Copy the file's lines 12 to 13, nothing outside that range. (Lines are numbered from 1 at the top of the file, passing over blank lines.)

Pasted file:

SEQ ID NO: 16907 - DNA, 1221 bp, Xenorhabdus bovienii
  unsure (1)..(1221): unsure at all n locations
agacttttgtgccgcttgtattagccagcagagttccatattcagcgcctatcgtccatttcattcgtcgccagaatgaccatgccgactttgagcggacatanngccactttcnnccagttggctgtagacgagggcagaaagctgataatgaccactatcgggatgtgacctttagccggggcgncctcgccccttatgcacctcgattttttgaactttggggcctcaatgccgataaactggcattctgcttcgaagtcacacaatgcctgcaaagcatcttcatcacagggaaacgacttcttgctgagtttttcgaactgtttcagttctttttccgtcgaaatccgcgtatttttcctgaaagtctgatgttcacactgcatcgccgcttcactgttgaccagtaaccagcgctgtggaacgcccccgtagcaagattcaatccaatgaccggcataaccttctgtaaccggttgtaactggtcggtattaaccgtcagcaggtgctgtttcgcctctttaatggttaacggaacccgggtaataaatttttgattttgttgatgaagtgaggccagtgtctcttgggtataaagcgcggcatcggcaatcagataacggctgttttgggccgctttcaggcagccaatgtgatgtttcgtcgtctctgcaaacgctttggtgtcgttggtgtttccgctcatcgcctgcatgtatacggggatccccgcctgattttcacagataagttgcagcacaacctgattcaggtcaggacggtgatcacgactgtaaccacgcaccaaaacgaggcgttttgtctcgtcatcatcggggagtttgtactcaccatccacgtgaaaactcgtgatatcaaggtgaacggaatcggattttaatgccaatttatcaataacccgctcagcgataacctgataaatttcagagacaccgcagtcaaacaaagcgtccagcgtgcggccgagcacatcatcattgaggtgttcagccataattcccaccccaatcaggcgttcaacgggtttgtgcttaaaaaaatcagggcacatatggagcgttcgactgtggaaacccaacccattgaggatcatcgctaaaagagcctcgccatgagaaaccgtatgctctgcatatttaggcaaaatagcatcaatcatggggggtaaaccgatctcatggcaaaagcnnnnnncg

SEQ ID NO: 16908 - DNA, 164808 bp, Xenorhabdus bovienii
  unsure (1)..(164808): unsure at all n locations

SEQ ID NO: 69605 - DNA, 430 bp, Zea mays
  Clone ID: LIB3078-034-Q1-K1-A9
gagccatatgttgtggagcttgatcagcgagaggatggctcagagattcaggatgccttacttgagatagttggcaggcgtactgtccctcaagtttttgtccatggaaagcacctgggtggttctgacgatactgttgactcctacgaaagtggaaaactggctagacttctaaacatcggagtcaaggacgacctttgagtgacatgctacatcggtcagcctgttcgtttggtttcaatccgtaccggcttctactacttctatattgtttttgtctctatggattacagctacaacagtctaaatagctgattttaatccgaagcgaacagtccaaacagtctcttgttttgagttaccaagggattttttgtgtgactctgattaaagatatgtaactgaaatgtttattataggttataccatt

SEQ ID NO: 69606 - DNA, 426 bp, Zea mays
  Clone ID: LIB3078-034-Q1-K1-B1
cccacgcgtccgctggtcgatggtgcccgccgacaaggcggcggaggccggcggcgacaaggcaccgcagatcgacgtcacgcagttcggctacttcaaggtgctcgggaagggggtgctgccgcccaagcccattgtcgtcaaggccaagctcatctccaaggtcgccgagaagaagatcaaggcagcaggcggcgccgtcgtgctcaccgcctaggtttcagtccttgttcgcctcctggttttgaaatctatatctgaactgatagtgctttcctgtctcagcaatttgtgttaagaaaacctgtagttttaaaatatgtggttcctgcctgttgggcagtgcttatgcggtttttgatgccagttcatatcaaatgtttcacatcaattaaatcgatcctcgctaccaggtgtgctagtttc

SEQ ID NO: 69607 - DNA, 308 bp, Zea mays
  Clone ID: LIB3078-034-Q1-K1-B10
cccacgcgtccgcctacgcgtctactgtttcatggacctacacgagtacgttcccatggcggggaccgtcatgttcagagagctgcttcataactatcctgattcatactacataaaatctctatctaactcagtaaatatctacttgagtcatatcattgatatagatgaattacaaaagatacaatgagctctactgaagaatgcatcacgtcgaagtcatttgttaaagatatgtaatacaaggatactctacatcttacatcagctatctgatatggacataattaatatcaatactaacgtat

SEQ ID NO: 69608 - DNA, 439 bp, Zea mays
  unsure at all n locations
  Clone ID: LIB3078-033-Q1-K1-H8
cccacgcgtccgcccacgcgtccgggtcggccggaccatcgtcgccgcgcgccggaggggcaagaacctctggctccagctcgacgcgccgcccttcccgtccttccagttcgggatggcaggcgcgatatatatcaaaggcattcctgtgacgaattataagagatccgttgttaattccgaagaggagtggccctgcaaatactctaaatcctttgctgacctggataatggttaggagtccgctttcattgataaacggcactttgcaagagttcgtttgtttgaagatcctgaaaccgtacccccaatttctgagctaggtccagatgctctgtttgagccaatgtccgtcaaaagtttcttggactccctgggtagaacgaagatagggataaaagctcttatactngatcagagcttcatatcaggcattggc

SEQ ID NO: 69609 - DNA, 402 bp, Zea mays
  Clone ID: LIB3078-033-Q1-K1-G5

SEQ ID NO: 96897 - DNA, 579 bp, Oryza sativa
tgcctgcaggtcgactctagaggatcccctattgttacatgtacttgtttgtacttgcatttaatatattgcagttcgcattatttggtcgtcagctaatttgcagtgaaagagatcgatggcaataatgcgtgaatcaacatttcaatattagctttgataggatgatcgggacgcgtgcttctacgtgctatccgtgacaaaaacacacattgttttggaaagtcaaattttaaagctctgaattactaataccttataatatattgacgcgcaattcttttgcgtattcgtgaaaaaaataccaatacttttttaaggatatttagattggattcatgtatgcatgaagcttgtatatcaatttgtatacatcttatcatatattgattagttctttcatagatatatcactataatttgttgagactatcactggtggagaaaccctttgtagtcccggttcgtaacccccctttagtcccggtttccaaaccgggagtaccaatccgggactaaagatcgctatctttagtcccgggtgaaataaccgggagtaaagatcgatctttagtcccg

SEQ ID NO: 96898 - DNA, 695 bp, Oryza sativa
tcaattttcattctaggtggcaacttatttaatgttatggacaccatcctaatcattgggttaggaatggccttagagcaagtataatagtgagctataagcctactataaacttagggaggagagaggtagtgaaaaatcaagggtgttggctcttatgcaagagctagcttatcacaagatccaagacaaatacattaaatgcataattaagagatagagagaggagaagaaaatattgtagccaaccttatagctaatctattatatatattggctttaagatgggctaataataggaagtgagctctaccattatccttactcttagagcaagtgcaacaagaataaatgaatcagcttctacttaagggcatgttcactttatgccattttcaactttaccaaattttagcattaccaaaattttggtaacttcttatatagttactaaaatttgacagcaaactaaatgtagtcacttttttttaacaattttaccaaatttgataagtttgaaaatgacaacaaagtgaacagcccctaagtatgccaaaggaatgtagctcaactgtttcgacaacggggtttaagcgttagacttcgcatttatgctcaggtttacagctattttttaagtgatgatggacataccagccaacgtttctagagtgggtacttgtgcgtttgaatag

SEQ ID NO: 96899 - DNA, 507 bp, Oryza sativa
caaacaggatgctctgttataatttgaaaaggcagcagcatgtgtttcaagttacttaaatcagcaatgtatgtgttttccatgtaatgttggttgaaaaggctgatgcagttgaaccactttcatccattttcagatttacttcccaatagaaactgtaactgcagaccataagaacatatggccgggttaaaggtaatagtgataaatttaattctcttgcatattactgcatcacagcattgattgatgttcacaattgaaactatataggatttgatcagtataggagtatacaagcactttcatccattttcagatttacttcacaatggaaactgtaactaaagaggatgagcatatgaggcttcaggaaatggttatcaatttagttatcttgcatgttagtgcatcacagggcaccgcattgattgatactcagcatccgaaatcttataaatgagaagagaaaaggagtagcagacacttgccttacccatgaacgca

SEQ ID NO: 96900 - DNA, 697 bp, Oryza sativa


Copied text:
SEQ ID NO: 69607 - DNA, 308 bp, Zea mays
  Clone ID: LIB3078-034-Q1-K1-B10